There are three essential things to know before purchasing a Windows 8 tablet:
- What’s the screen size and resolution of the tablet?
- What kind of CPU does it have? A weaker CPU may only be up to running the limited Windows RT version of the Windows 8 Operating System.
- What kind of digital pen, if any, do you want your system to include?
16:12 is optimal for portrait mode note taking like you’d often use a tablet for, but 16:10 is the closest you can get to that nowadays. Microsoft’s Surface Pro and Sony’s Vaio Duo 11 convertible both offer 16:9 ratio screens with resolutions of 1920×1080. A 16:9 resolution is mostly good for landscape mode, and is a common aspect ratio for tablets with resolutions of 1366×768. Keep in mind that nearly all Windows ARM and Intel Atom tablets have 768p resolution, whereas most Intel Core tablets have 1080p resolution.
CPU for Windows 8 Tablets
Windows 8 Slates / Tablets are powered by ARM (atom) or x86 Intel processors (i5 / i7). ARM processors possess certain limitations for tablet users wanting to run a full OS like Windows as opposed to the more lightweight Android OS, which will be explained in the next section.
Atom CPU Windows 8 Tablets
The Intel Atom Z670 CPU (Oak Trail) has a 2gb ram limitation that is a bottleneck for Windows 8. The Z670 is also a single core processor, which limits its multitasking prowess. The Dell Latitude ST, featuring a 10.1 inch screen and a digital pen, unfortunately uses the Atom Z670, as does the HP Slate 2 (8.9” display). You won’t get any Atom-powered tablets with high resolutions: they graphics chips are just too underpowered.
The 2012 Atom Z2760 (Clover Trail) is a dual-core chip optimized to run Windows 8 and offers speeds of up to 2 ghz while optimizing the battery life of the tablet. You’ll find that compared to Core i5 based Tablets, Clover Trail Tablets have limited resolutions: most are 1366×768 or 1280×800. Although that may sound constraining, the Windows Metro interface looks great at 1366×768 on a tablet screen. Some Clover Trail tablets that use the Atom Z670 chip include :
- Asus VivoTab (stylus can be purchased seperately). Note that there is no USB on the tablet itself, only the dock. Asus has released the 11.6″ ASUS VivoTab 810 ( TF810C) and the 10.1″ Asus Vivotab Smart which both run the full Windows 8 operating system on an Intel Atom Dual core 1.8GHz cpu at 1366 x 768 resolution. Both have 2gb of ram. The 810 has a Wacom digitizer (the VivoTab Smart does not) and a magnetic keyboard attachment that also functions as an added battery:
The Vivotab has GPS which can be used in conjuction with the Maps app built into Windows 8. The Vivotab is available at http://www.amazon.com/ASUS-VivoTab-TF810C-C1-GR-11-6-Inch-Tablet/dp/B009F1IOJO/.
- HP Envy x2 (1,366-by-768 resolution / no stylus). Comes with 2 gb ram, 64 gb SSD drive and a 10+ hour battery life thanks to the second battery located in the keyboard portion of the tablet. In contrast to the magnetic latch of the Microsoft Surface Tablet, the latching mechanism is a bit clunkier as shown in this video:
- HP ElitePad 900 (1280×800 / pen included)
- Dell Latitude 10 features a 10.1″ 1366×768 display (with an optional active pen) and is available for less than $700. There is also an optional dock that allows you to use it with a desktop monitor and keyboard. The battery is swappable, meaning you can pack an extra battery and have 20+ hours of available use time on the Dell Latitude 10 even if you didn’t have a power outlet available.
- Lenovo Thinkpad Tablet 2 ($649 – 10.1 inch 1366×768 display. A digital pen is available for $50 more. The Thinkpad Tablet 2 has an optional bluetooth keyboard with an optical trackpad (looks like a small red nib). One note is that the USB port is too underpowered to plug in a portable hard drive. Early release models have been plagued by a pinched wireless connector, but this issue appears to have been resolved in later shipments.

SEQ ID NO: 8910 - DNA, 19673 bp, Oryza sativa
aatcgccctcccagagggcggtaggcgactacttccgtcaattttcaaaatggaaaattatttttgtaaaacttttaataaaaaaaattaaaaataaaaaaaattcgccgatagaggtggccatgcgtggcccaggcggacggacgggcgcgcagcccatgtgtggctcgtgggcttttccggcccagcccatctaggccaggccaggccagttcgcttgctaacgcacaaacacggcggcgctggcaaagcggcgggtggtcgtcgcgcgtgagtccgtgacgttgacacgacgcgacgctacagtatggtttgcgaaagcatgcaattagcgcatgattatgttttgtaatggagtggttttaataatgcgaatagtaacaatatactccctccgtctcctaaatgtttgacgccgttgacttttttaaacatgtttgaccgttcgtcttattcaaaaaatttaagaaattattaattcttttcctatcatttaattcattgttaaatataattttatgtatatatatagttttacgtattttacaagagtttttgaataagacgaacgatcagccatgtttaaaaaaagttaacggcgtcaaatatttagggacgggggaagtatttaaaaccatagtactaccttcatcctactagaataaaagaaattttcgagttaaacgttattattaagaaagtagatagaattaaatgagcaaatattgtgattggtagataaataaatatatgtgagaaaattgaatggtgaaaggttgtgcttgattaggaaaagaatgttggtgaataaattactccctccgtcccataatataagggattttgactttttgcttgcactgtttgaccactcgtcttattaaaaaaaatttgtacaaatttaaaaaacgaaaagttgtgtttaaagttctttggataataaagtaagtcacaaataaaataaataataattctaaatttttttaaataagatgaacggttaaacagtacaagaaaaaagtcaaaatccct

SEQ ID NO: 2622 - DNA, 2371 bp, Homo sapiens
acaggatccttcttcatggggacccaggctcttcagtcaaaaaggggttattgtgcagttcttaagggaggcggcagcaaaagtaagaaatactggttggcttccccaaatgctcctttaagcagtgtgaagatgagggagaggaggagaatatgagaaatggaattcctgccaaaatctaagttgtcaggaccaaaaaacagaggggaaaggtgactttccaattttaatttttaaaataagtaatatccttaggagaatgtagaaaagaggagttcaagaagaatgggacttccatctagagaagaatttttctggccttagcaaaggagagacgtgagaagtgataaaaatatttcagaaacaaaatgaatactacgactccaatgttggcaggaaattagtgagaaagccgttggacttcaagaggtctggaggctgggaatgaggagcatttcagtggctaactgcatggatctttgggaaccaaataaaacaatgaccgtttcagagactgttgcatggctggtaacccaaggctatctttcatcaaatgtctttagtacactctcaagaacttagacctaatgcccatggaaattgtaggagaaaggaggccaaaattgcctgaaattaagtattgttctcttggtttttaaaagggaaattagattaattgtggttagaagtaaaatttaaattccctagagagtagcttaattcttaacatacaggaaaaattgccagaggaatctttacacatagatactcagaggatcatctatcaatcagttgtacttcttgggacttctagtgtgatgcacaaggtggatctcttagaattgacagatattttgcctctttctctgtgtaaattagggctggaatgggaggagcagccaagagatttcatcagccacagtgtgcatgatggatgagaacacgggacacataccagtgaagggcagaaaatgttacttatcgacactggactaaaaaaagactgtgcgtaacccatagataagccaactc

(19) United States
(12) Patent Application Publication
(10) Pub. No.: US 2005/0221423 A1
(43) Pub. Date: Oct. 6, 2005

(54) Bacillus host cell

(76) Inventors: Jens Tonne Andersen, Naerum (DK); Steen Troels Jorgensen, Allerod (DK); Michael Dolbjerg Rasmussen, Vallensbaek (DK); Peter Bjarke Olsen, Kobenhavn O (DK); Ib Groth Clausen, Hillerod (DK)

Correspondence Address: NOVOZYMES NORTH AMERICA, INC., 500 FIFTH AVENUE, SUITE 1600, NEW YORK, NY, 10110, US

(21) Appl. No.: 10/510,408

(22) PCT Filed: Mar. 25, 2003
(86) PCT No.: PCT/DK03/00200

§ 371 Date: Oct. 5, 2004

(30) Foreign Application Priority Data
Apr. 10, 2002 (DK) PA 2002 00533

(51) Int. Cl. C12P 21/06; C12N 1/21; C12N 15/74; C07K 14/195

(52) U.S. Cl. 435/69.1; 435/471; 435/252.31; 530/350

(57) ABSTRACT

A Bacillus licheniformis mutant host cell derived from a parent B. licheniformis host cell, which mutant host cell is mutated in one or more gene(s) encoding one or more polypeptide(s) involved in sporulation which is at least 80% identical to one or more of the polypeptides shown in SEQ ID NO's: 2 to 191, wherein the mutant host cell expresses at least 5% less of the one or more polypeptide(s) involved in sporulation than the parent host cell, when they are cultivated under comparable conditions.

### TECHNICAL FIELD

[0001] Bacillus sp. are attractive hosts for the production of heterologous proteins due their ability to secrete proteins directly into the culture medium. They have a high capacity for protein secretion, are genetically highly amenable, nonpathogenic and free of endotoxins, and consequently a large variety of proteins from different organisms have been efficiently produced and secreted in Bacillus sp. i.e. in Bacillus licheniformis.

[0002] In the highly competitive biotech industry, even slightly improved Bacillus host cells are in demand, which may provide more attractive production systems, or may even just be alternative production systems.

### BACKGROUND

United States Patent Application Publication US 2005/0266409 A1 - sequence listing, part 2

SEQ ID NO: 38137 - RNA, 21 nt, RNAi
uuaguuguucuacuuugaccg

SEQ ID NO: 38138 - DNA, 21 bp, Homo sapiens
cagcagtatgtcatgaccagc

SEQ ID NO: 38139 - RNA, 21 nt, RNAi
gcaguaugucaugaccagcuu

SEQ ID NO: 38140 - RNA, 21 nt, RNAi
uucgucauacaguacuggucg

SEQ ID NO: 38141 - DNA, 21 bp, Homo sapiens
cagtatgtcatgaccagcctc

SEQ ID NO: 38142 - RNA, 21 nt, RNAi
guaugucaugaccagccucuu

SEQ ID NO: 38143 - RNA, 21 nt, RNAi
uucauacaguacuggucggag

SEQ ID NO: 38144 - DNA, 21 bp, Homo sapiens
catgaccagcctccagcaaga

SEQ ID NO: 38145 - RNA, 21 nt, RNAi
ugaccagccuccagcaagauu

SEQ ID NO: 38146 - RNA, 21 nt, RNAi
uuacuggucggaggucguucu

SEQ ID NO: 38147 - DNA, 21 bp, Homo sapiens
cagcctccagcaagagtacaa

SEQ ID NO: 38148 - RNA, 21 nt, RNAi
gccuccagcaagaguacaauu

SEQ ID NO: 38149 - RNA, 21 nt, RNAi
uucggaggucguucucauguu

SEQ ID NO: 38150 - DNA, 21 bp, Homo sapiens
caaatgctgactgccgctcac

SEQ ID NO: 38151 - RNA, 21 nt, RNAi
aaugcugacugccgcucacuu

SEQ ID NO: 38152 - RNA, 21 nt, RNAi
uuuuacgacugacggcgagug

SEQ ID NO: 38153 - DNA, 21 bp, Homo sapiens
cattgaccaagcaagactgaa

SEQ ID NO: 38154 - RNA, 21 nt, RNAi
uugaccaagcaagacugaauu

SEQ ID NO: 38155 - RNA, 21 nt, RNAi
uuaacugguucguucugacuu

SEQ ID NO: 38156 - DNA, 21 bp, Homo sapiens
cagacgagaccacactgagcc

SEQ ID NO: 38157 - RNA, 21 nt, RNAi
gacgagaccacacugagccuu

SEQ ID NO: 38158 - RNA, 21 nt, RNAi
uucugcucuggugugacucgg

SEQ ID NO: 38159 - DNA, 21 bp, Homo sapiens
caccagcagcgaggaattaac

- Lenovo IdeaTab Lynx (11.6” / no stylus)
- Samsung Series 5 ATIV Slate (stylus included). There are people who have noticed that the Samsung 500T WIFI can be unreliable. Pro tip: if you turn off Bluetooth the issue goes away.
- Acer Iconia W510 (no pen)
- LG H160 Resolution is 1366 x 786. No pen, but it has 12 hours battery life, 2 gb of ram and a nifty hidden keyboard feature:http://www.youtube.com/watch?v=7GqCFTgK5lg
Instead of of the H160, customers can opt for the premium model LG Tab-Book Ultra Z160. This upgraded version features a Core i5 processor instead of the Atom cpu.
Note that even though Windows RT can support active digitizers, no hardware vendors have implemented it so far.
Intel Core i5 Windows 8 Tablets
ASUS Eee Pad Slate EP121 – This 12.1-inch tablet computer has a 1280 x 800 display, an active digitizer and a 1.33 ghz Core i5 processor. The street price when released in late 2012 was around $850 (MSRP: $1,099). Update: The Asus Eee Pad Slate has been discontinued.
Samsung Series 7 ATIV Slate – Features an 11.6” display (1920×1080) and an active digitizer. Some models of this tablet can’t be docked and used like a PC: Samsung has video out on the Series 7 docks, but no longer offers them on the XE700T1C series docks.
- The covers on the micro hdmi/SD/usb are all in plastic and fragile.
- There’s no TPM option available in BIOS unless you purchase the A03 version. (The A01US and A03US both come with Windows 8 64-bit pre-installed, while the A02US is 32-bit. The A01US and A03US include WiDi and the A03US includes TPM Security.
- The Samsung 7 series (and the Arm-processor based 5 series) are preloaded with a bunch of garbage apps that slow down the system and take up disk space. On the Samsung ATIV, you should reinstall Windows 8 (and get rid of the bloatware) as soon as you buy it by holding in the power and volume up button to start the machine. You can use the Samsung update utility to get driver updates (and also use Microsoft Update to take care of the rest of your system).
The Samsung 7 Series tablet is currently available at http://www.amazon.com/Samsung-ATIV-XE700T1C-A01US-Smart-700T/dp/B0098O9TRO and prices start at $1,199.
HP TouchSmart TM2T is a Tablet PC featuring a 12.1″ / 1200×800 display. It doesn’t include an active digitizer and is more of a convertible PC as the display can be detached from the keyboard and used as a standalone tablet. It has a 1.33 ghz i5 processor and includes an external dvd writer.